Best scene: Of course it has to be the car ride with Mr. McEnroe and as Richard Lewis would say, the limo driver from hell.
Other heated topics: bringing a book about freaks to parties, a limo driver not bringing anything to read, Ted Danson making a special request that his server wear a bowtie, having a fight with your future cemetery neighbor, whether ping pong is harder to play than tennis
9. Denise Handicapped
Larry asks a woman out before learning that she is in a wheelchair but later learns that there are significant advantages to dating the disabled, such as getting good parking spots and free drinks. This episode marks the second appearance for Rosie O’Donnell and she proves to be a very worthy adversary for Larry David; after meeting for lunch, they get into a physical altercation over who gets to pay the check (“I asked you to lunch, this is my pleasure! No, it’s not, it’s my pleasure, Larry!). It’s difficult to think of a more satisfying Curb ending then when she gets to avenge Larry’s mistreatment of Denise Handicapped and Wendy Wheelchair.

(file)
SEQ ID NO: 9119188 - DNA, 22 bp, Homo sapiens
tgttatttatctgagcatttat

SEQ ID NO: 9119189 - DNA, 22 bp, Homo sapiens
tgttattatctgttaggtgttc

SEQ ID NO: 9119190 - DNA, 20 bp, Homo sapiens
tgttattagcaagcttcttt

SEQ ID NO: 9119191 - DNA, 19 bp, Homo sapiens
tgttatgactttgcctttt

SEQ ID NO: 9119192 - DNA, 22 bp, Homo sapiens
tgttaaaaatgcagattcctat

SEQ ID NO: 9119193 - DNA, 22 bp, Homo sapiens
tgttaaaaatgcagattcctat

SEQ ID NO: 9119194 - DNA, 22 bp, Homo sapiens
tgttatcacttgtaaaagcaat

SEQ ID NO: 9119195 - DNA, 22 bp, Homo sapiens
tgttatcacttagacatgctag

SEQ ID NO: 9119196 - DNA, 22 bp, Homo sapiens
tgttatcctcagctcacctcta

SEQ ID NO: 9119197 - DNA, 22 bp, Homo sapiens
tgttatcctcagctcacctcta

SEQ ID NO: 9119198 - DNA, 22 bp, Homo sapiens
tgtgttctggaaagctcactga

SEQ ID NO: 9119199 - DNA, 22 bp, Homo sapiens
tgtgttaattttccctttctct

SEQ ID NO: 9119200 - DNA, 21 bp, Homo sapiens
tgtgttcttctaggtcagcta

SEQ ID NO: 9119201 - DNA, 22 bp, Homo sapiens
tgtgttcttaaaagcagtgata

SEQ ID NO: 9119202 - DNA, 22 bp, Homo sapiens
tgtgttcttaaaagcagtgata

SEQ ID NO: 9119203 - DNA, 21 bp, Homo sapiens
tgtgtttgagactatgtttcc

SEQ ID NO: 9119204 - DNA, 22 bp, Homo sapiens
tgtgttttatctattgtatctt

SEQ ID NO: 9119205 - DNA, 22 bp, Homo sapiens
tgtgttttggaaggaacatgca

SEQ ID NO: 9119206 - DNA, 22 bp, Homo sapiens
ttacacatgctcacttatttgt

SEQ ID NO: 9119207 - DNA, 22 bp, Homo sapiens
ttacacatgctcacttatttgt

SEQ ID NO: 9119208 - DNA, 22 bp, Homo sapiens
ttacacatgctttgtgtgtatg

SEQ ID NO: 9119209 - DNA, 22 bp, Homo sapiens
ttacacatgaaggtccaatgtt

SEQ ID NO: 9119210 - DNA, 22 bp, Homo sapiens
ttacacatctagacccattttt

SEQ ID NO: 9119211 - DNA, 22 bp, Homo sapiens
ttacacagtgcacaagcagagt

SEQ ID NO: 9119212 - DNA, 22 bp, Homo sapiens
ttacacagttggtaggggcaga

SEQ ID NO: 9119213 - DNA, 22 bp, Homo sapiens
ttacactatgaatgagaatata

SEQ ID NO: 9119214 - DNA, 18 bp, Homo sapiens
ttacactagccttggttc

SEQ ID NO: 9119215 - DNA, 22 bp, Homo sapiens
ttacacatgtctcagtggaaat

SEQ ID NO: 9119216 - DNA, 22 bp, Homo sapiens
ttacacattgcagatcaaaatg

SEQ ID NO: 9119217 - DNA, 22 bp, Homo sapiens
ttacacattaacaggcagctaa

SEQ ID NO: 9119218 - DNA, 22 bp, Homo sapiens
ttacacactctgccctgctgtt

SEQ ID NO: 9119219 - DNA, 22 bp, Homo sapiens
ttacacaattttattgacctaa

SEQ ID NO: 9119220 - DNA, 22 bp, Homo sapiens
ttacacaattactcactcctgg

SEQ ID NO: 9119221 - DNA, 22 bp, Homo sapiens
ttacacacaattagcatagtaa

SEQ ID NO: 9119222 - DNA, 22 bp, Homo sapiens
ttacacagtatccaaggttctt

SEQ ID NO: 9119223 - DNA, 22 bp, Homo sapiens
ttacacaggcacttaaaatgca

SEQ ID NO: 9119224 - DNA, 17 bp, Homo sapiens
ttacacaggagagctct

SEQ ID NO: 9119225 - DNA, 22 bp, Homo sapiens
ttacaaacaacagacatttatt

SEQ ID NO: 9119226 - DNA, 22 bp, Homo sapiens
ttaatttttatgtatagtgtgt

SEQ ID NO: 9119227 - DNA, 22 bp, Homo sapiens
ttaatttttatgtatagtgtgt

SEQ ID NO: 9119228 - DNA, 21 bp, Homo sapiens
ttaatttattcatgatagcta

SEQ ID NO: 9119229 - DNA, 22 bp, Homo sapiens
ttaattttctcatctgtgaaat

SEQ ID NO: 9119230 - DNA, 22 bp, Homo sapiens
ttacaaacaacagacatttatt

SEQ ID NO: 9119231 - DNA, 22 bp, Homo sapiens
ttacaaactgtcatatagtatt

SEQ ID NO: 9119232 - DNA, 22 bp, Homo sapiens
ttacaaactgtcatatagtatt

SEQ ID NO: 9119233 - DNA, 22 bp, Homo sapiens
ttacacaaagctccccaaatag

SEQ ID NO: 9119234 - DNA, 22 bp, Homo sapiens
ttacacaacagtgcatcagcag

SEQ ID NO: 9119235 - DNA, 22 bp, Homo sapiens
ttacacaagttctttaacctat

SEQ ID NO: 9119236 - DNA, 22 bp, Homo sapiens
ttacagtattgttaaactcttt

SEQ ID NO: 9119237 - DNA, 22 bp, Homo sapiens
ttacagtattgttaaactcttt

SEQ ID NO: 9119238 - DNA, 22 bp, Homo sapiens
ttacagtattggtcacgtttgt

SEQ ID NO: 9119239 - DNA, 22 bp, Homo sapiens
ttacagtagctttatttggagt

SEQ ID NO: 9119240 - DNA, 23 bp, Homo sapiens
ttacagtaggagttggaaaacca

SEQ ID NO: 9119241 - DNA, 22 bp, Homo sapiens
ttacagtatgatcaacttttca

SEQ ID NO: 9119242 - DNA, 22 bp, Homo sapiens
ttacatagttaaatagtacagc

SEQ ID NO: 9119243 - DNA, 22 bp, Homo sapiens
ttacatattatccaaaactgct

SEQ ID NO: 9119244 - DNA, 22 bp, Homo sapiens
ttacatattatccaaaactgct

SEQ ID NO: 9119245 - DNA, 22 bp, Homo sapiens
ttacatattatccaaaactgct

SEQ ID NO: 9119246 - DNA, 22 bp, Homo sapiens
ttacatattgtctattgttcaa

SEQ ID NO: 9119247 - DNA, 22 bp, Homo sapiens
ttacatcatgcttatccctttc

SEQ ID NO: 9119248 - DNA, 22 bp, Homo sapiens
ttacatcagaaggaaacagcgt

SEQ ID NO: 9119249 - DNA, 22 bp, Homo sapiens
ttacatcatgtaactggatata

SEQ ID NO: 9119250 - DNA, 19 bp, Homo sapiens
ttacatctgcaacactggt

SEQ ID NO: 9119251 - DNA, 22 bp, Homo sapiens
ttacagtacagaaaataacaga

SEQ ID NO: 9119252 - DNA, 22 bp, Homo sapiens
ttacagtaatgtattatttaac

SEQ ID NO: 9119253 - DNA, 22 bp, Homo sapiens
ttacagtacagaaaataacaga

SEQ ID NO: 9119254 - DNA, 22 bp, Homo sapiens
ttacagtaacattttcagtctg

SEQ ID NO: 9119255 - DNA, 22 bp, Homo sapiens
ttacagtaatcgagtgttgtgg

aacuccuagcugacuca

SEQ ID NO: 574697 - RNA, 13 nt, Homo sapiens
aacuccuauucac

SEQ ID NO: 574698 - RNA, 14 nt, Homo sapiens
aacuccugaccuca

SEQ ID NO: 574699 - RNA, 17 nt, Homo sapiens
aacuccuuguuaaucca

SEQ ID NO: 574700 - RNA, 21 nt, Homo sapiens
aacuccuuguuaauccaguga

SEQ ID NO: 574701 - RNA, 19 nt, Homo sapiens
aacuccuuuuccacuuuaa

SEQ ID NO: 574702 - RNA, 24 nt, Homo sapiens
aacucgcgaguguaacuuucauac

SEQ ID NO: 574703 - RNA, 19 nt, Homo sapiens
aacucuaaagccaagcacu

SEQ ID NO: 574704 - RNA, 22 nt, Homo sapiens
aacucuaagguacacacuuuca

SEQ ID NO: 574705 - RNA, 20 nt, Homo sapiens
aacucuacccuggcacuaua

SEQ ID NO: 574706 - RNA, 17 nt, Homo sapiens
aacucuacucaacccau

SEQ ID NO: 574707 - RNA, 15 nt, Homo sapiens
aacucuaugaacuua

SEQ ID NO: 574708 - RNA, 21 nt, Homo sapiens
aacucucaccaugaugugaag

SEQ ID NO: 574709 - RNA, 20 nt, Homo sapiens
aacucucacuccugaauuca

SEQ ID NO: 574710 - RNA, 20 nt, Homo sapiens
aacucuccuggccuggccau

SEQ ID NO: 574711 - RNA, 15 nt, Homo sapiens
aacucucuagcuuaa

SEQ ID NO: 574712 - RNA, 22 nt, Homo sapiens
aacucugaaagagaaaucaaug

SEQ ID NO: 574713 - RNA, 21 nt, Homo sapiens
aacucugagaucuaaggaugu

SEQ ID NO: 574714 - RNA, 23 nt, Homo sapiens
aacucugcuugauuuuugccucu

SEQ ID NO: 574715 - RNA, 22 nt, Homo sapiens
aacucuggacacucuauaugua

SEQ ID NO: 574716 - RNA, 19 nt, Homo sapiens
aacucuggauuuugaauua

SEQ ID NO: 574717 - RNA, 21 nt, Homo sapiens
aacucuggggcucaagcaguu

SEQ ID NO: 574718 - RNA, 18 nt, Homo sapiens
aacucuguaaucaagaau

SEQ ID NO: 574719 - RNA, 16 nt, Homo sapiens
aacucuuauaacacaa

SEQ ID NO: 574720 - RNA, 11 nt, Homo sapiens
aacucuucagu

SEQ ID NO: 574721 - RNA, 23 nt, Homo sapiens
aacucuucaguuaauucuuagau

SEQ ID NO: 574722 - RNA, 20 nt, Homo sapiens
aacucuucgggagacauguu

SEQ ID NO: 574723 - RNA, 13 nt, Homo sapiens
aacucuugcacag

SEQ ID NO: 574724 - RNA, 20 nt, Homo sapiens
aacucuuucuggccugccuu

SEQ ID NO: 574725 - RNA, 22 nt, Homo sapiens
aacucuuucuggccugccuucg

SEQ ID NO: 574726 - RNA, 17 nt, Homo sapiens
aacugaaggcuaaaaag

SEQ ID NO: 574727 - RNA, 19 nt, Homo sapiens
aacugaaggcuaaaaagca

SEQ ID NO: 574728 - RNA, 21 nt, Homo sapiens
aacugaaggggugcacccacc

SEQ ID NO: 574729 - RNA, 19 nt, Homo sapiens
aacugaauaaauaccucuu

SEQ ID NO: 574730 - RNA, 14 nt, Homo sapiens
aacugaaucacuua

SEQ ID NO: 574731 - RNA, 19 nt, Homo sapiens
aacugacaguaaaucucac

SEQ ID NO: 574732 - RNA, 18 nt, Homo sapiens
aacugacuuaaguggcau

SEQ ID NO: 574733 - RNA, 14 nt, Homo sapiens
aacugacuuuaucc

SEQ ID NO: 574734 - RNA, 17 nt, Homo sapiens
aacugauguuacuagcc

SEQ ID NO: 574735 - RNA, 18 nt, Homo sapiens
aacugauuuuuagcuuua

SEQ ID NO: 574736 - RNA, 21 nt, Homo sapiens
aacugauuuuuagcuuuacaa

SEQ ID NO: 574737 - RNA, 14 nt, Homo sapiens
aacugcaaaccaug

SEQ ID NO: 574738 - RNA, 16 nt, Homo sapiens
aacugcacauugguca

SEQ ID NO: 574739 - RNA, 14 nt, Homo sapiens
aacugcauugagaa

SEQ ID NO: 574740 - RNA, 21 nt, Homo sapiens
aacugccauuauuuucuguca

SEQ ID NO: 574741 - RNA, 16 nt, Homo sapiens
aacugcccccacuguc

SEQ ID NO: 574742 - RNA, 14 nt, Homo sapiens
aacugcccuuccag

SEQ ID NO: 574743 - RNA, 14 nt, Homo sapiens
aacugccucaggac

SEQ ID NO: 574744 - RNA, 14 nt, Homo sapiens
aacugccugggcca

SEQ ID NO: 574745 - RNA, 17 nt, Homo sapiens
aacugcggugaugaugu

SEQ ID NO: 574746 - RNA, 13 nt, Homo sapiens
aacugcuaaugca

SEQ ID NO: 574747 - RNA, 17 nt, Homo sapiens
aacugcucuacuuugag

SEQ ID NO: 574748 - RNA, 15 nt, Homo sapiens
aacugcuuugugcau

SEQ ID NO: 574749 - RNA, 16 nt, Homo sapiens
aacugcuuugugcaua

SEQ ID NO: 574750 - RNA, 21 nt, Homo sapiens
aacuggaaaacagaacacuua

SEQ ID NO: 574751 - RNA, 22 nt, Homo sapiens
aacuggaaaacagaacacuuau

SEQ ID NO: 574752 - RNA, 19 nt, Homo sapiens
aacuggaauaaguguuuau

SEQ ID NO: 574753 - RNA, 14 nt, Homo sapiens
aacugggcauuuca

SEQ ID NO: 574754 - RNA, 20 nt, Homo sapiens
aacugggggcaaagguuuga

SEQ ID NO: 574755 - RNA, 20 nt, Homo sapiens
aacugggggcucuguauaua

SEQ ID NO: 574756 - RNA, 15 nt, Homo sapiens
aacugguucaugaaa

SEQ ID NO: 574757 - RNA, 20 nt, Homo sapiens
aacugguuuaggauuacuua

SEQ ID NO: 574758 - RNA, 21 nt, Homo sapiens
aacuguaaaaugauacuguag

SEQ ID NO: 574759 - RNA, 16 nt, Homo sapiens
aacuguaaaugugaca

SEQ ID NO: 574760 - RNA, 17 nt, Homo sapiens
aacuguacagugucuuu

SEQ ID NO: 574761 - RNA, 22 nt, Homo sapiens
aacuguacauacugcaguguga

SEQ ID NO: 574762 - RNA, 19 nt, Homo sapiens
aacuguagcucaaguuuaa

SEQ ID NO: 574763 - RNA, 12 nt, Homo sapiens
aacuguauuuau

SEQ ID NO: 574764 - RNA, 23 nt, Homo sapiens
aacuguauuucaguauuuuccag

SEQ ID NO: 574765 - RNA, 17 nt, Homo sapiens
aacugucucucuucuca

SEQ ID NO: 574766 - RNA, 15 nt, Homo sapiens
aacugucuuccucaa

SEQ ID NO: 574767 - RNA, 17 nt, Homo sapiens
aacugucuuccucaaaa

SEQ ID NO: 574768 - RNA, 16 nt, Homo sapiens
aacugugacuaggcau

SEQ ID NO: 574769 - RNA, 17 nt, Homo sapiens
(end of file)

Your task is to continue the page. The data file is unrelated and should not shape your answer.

Best scene: Ted Danson just wants to do a good deed by buying Larry and his date a couple pieces of pie, but Larry is full and refuses to take a single bite.
Other heated topics: how hard it is to save a girl from drowning without damaging your Blackberry, bald people misrepresenting themselves by wearing hats, if Asian children have a natural proclivity for chopsticks
8. Larry vs. Michael J. Fox